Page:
US Secretary of State Mike Pompeo voiced hope Thursday that a second summit between President Donald Trump and North Korean leader Kim Jong Un can be scheduled for early 2019.
"We are hopeful that in the new year, President Trump and Chairman Kim will get together not too long after the first of the year and make even further progress on taking this (nuclear) threat to the United States away from us," Pompeo said in an interview with KNSS Radio in his home state of Kansas.
Pompeo, who has traveled four times this year to North Korea in search of a breakthrough, said the situation had "undoubtedly" improved since 2017's high tensions that led to fears of war.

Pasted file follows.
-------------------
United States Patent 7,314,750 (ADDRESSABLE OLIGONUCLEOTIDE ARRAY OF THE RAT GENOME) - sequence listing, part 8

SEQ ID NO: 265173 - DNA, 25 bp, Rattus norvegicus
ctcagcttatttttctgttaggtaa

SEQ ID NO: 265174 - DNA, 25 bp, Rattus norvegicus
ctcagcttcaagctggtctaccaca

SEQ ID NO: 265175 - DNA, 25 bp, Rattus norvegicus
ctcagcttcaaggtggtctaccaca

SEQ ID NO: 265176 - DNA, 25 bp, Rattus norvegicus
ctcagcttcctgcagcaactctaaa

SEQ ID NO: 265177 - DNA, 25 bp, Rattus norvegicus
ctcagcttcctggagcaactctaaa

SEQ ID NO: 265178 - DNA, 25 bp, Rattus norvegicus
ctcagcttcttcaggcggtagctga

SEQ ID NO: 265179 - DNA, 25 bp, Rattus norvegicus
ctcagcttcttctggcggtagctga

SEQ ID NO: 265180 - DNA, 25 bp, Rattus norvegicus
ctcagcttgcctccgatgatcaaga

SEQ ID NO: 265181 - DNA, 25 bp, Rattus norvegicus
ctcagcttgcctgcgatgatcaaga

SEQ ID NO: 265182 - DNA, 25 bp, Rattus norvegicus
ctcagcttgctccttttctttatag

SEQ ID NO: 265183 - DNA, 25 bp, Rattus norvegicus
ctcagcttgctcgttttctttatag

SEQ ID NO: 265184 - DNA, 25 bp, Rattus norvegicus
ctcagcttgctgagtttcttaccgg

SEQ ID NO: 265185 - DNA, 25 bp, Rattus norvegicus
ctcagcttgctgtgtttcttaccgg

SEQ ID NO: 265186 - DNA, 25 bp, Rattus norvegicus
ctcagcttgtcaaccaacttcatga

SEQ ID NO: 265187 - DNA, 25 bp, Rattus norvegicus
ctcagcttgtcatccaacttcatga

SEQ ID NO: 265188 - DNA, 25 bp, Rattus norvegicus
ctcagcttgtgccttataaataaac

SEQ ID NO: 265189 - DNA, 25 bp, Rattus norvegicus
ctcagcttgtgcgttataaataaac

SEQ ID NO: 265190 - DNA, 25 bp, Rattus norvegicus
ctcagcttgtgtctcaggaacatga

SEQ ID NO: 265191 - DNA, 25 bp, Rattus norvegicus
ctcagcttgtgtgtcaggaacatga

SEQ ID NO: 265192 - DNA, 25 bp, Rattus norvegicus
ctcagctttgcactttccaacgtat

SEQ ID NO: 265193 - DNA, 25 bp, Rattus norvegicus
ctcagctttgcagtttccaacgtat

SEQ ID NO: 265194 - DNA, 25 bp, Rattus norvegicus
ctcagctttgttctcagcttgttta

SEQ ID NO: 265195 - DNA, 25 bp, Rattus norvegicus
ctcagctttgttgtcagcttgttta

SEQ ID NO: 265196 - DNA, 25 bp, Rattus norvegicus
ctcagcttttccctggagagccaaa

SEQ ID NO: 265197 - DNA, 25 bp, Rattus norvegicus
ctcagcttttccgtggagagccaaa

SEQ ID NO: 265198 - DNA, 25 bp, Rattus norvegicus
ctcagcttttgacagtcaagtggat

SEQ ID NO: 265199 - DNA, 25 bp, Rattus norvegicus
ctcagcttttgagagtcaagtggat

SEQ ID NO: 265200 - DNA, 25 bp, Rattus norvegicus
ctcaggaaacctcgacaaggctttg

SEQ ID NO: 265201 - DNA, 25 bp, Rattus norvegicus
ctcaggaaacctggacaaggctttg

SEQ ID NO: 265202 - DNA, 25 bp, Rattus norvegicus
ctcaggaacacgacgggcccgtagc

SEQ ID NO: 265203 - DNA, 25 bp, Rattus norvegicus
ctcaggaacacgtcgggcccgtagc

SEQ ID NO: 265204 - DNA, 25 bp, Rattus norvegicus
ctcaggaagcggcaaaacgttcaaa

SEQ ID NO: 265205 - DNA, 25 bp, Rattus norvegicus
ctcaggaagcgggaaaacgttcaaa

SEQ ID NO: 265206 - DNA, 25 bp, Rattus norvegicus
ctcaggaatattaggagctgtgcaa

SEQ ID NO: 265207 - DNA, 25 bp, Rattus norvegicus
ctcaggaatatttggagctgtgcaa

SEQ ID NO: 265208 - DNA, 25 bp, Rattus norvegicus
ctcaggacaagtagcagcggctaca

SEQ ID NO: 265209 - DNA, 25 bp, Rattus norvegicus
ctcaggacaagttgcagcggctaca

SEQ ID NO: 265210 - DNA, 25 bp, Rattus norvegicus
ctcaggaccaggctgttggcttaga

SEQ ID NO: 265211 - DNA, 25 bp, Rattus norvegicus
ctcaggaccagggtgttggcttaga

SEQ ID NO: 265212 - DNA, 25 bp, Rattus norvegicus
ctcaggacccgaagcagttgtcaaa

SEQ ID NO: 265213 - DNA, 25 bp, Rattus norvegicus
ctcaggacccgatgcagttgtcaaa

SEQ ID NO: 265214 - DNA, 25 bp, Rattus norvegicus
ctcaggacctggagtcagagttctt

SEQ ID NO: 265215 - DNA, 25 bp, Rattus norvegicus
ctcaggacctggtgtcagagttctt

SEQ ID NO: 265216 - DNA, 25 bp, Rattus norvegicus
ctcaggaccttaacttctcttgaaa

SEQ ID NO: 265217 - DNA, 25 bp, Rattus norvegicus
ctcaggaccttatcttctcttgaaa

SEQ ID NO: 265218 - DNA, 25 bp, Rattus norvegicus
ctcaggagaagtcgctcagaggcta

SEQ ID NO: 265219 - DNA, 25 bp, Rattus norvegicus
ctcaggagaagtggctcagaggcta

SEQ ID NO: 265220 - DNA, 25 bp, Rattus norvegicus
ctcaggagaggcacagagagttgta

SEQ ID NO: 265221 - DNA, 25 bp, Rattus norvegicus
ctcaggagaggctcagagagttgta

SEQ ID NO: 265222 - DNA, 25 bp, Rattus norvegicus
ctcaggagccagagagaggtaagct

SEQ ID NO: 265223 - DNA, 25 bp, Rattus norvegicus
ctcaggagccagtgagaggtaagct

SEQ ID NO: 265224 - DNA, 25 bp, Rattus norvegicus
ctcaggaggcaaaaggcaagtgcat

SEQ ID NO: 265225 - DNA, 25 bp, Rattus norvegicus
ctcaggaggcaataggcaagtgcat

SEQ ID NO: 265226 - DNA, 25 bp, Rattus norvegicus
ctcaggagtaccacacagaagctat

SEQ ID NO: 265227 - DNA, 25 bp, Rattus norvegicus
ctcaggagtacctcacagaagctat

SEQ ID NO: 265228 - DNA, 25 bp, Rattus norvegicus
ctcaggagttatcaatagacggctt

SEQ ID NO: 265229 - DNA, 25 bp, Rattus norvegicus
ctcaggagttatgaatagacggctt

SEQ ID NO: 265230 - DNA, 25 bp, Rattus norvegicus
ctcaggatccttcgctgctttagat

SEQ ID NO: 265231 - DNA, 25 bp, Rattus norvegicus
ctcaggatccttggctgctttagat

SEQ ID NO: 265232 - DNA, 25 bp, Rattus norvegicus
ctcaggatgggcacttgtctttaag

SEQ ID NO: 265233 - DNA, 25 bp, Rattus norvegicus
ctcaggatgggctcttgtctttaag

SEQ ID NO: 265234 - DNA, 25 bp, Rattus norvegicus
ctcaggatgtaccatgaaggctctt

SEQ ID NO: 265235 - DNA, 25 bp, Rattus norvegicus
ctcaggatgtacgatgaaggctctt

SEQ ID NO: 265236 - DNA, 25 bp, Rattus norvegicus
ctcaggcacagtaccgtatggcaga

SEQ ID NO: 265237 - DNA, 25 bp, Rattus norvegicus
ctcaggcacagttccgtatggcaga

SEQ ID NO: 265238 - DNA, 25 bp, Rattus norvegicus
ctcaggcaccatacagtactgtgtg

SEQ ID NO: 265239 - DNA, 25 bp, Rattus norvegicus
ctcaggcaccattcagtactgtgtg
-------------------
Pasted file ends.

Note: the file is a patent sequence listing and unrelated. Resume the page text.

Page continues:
"No more missiles being tested, no more nuclear testing. We're in a better place today," he said.
Trump met Kim in June in Singapore in the first-ever summit between leaders of the two countries that never officially ended the 1950-53 Korean War.
Trump has frequently cited North Korea as a success story as he seeks an accord in which Pyongyang would give up its nuclear weapons.
Pompeo's optimism comes despite an apparent standstill in negotiations to prepare for the summit, with a senior North Korean official abruptly canceling a meeting with the secretary of state scheduled last month in New York.
North Korea has also condemned the US decision to slap sanctions on senior aides to Kim over human rights concerns, although Pyongyang was careful to blame the State Department and voice faith in Trump.
Critics say that North Korea has made no concrete commitments and is unlikely to surrender its nuclear weapons program, which the Kim dynasty has built for decades even as the country starved.
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